When I drive past a lot where lots of school buses are parked, I always think, “oh, a bus nest!” In a way, that’s an apt way to look at the argument over education issues in New York state: It’s like a wasp nest, but with school buses. Complicated, loud, scary.
Anyway, a couple stories in the news today that caught my eye.
We cover education a lot here at North Country Public Radio, and the big story over the last year or so (and much longer, really) has been that a lot of New York’s schools, including many in our area, are under tremendous strain. Gov. Cuomo suggested yesterday in a speech at Clarkson University in Potsdam that schools should look for ways to save money, “and if consolidation is an option that works for a school district, God bless.”
Some schools in our area are exploring consolidation; others are fighting for more funding, but approaching what’s called “educational insolvency.”
Meanwhile, Gov. Cuomo’s education commission has recommended more time in school for children, including extending the school day and school year and expanding all-day pre-kindergarten.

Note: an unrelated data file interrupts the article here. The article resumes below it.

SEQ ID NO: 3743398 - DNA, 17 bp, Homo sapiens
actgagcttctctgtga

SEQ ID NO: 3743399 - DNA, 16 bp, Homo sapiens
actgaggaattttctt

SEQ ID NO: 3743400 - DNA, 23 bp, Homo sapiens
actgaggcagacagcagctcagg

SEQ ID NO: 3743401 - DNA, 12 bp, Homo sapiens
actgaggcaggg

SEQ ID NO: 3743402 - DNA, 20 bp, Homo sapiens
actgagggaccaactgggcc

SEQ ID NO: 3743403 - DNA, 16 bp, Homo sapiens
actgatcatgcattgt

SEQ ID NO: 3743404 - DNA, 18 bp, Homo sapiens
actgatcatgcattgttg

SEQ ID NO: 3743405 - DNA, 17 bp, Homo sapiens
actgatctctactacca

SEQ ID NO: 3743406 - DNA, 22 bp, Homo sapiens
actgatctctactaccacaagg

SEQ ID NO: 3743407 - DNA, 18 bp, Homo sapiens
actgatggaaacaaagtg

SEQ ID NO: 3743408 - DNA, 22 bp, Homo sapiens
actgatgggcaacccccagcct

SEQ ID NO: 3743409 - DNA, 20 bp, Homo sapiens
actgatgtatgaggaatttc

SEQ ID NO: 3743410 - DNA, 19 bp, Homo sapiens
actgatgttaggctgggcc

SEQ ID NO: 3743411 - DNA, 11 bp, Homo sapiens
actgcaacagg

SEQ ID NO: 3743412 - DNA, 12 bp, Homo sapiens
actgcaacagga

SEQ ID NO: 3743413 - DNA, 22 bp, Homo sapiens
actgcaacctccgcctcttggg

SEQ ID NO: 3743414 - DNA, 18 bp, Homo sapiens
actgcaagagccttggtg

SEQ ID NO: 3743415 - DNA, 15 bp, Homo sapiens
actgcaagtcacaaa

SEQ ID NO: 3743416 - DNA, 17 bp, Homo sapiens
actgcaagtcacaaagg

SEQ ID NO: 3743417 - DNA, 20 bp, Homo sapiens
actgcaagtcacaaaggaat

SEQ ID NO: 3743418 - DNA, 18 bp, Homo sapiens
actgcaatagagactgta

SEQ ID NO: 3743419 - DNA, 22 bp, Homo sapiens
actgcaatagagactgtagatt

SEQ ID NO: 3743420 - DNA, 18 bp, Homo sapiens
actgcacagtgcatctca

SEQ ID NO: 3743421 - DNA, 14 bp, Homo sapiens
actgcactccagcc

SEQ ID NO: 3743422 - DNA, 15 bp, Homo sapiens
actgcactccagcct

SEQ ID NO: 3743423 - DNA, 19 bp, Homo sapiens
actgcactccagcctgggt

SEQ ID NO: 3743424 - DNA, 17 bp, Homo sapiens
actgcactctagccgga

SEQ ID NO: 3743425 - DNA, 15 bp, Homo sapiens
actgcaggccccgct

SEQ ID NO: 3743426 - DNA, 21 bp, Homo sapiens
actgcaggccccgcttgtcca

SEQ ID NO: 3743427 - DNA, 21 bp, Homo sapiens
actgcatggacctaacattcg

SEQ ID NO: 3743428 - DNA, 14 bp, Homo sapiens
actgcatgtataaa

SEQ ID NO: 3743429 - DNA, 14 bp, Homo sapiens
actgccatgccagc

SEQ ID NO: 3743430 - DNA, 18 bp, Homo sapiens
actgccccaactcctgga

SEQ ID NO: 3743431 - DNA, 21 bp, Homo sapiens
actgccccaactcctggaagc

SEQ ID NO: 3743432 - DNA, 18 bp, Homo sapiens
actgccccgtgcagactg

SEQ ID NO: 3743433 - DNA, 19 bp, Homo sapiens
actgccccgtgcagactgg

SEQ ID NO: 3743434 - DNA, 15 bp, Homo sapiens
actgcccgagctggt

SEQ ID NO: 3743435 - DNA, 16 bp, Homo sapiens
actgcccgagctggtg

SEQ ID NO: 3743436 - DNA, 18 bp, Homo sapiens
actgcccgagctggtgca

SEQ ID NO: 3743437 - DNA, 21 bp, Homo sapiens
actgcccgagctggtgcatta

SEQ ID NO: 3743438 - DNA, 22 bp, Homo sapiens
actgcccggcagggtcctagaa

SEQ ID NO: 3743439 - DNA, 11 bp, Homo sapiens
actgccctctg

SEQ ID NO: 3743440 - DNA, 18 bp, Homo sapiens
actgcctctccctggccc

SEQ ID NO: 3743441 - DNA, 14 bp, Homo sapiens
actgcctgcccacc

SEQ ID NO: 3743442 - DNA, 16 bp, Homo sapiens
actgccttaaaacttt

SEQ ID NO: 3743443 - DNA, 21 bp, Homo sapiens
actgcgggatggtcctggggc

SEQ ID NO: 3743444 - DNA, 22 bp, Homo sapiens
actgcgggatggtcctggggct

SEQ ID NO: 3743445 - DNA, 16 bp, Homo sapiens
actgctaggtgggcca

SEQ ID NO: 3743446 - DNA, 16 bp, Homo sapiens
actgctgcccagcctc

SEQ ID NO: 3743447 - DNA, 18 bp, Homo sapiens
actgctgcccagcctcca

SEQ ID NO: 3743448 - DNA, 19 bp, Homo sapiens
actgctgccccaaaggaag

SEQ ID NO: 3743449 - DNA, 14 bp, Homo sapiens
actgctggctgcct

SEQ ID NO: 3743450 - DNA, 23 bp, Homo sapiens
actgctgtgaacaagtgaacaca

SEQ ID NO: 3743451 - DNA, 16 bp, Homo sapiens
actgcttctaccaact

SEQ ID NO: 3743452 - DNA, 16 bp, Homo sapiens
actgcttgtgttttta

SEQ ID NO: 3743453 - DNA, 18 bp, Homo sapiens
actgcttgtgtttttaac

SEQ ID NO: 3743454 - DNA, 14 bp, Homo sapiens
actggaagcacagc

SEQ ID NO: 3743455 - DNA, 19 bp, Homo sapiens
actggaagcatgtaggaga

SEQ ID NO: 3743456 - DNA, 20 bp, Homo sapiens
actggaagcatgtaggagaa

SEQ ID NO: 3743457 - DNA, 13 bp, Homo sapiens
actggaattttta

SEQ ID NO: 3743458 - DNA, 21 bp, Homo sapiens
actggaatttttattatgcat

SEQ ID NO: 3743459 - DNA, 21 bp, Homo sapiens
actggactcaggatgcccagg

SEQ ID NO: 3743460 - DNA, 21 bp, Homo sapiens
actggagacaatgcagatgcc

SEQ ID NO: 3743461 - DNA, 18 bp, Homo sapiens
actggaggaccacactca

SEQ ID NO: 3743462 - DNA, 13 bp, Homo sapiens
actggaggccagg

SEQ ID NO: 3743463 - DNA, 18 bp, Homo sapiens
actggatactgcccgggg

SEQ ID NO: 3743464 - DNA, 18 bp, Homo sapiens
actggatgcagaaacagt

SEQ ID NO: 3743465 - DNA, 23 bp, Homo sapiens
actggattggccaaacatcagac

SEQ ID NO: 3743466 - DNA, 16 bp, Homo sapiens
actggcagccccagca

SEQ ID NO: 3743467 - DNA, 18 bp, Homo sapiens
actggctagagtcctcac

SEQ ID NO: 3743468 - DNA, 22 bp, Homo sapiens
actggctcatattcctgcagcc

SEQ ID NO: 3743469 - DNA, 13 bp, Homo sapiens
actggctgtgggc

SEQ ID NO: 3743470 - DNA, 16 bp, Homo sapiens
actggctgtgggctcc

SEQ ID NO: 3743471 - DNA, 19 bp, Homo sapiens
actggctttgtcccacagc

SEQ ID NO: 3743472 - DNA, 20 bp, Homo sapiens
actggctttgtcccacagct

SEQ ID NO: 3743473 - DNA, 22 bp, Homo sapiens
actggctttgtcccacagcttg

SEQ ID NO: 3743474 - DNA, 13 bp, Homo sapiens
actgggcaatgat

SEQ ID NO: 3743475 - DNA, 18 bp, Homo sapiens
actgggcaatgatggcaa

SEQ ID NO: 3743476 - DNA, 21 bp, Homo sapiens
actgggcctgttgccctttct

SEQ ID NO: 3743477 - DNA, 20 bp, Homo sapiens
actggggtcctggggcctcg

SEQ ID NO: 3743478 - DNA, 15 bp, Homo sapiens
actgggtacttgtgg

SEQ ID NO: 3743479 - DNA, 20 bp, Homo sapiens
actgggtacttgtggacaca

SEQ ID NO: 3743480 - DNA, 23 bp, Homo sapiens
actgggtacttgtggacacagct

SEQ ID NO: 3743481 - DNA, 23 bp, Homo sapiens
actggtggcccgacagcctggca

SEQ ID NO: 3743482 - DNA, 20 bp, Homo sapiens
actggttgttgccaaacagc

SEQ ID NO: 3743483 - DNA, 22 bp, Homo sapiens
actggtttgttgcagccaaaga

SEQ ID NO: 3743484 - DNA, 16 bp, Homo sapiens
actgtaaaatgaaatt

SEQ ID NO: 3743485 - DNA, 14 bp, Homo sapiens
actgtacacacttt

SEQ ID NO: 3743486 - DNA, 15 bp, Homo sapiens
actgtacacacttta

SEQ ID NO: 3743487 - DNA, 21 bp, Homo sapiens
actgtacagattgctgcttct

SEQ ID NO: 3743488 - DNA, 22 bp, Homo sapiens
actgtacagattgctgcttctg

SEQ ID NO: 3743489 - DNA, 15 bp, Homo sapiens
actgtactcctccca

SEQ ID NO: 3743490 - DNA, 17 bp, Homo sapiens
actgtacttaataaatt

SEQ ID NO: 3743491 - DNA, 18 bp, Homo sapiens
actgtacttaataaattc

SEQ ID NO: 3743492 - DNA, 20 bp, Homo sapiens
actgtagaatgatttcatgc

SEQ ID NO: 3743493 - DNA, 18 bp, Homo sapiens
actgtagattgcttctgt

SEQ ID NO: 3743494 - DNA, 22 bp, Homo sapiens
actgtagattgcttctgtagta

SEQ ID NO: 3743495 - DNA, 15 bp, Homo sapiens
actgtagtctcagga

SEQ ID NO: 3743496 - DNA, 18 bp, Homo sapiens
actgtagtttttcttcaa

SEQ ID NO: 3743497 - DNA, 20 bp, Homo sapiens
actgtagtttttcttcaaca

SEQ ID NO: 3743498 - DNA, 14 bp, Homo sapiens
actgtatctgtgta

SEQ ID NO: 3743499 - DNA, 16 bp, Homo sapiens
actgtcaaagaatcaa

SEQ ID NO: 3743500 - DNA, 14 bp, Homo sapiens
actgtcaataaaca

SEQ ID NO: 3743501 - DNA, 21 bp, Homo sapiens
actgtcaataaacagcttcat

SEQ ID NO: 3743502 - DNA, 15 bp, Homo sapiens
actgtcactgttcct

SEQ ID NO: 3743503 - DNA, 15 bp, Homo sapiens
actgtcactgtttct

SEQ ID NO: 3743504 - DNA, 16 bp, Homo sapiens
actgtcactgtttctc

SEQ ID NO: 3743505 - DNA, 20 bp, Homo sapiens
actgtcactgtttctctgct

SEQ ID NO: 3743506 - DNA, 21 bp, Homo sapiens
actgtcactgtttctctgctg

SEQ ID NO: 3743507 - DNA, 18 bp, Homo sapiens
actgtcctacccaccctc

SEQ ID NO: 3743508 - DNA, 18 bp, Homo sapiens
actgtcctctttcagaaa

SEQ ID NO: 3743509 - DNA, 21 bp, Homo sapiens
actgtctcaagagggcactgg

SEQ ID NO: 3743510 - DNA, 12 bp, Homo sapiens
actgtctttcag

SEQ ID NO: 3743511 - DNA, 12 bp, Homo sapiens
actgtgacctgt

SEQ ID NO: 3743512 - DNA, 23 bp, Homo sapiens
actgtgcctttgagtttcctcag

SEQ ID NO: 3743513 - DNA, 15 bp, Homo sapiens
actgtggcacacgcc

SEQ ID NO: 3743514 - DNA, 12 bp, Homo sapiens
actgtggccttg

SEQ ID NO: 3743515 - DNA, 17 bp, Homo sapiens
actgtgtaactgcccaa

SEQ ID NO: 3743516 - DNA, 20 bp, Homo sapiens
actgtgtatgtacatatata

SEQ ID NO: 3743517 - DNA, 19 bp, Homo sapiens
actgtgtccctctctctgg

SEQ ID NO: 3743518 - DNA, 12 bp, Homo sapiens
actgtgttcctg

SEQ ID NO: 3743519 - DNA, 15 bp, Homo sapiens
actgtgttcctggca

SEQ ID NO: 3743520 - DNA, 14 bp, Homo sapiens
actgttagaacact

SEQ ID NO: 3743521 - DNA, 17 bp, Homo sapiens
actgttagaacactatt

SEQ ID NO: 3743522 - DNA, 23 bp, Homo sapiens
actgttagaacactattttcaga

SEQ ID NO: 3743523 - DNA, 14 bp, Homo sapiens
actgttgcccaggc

So all these pronouncements are great, but on the “where are your kids right now” front, I’ll direct your attention to two stories from this week. First, from WWNY-TV, Ogdensburg City School District has decided, in the face of what the station calls a “looming budget crisis,” to close its Sherman Elementary School a year earlier than planned. The district has a $2.5 million budget gap this year, WWNY reports, and although closing Sherman will only save it $150,000, that’s not an insubstantial amount of money.
The school’s 116 students will go to school next year at one of the three other elementary schools in the district. And in two years, another school in the district, Lincoln Elementary, will also close.
On the upside (and of interest to people with children below school age), Fort Drum will be keeping a child care center open that it seemed it might have to close (via Watertown Daily Times). A civilian hiring freeze by the Department of Defense was making it tough for the Memorial Child Development Center to keep staffed, but after some clever reassignment of employees from other programs, it’ll stay open, albeit with reduced capacity.
The center cares for kids between six weeks and five years of age.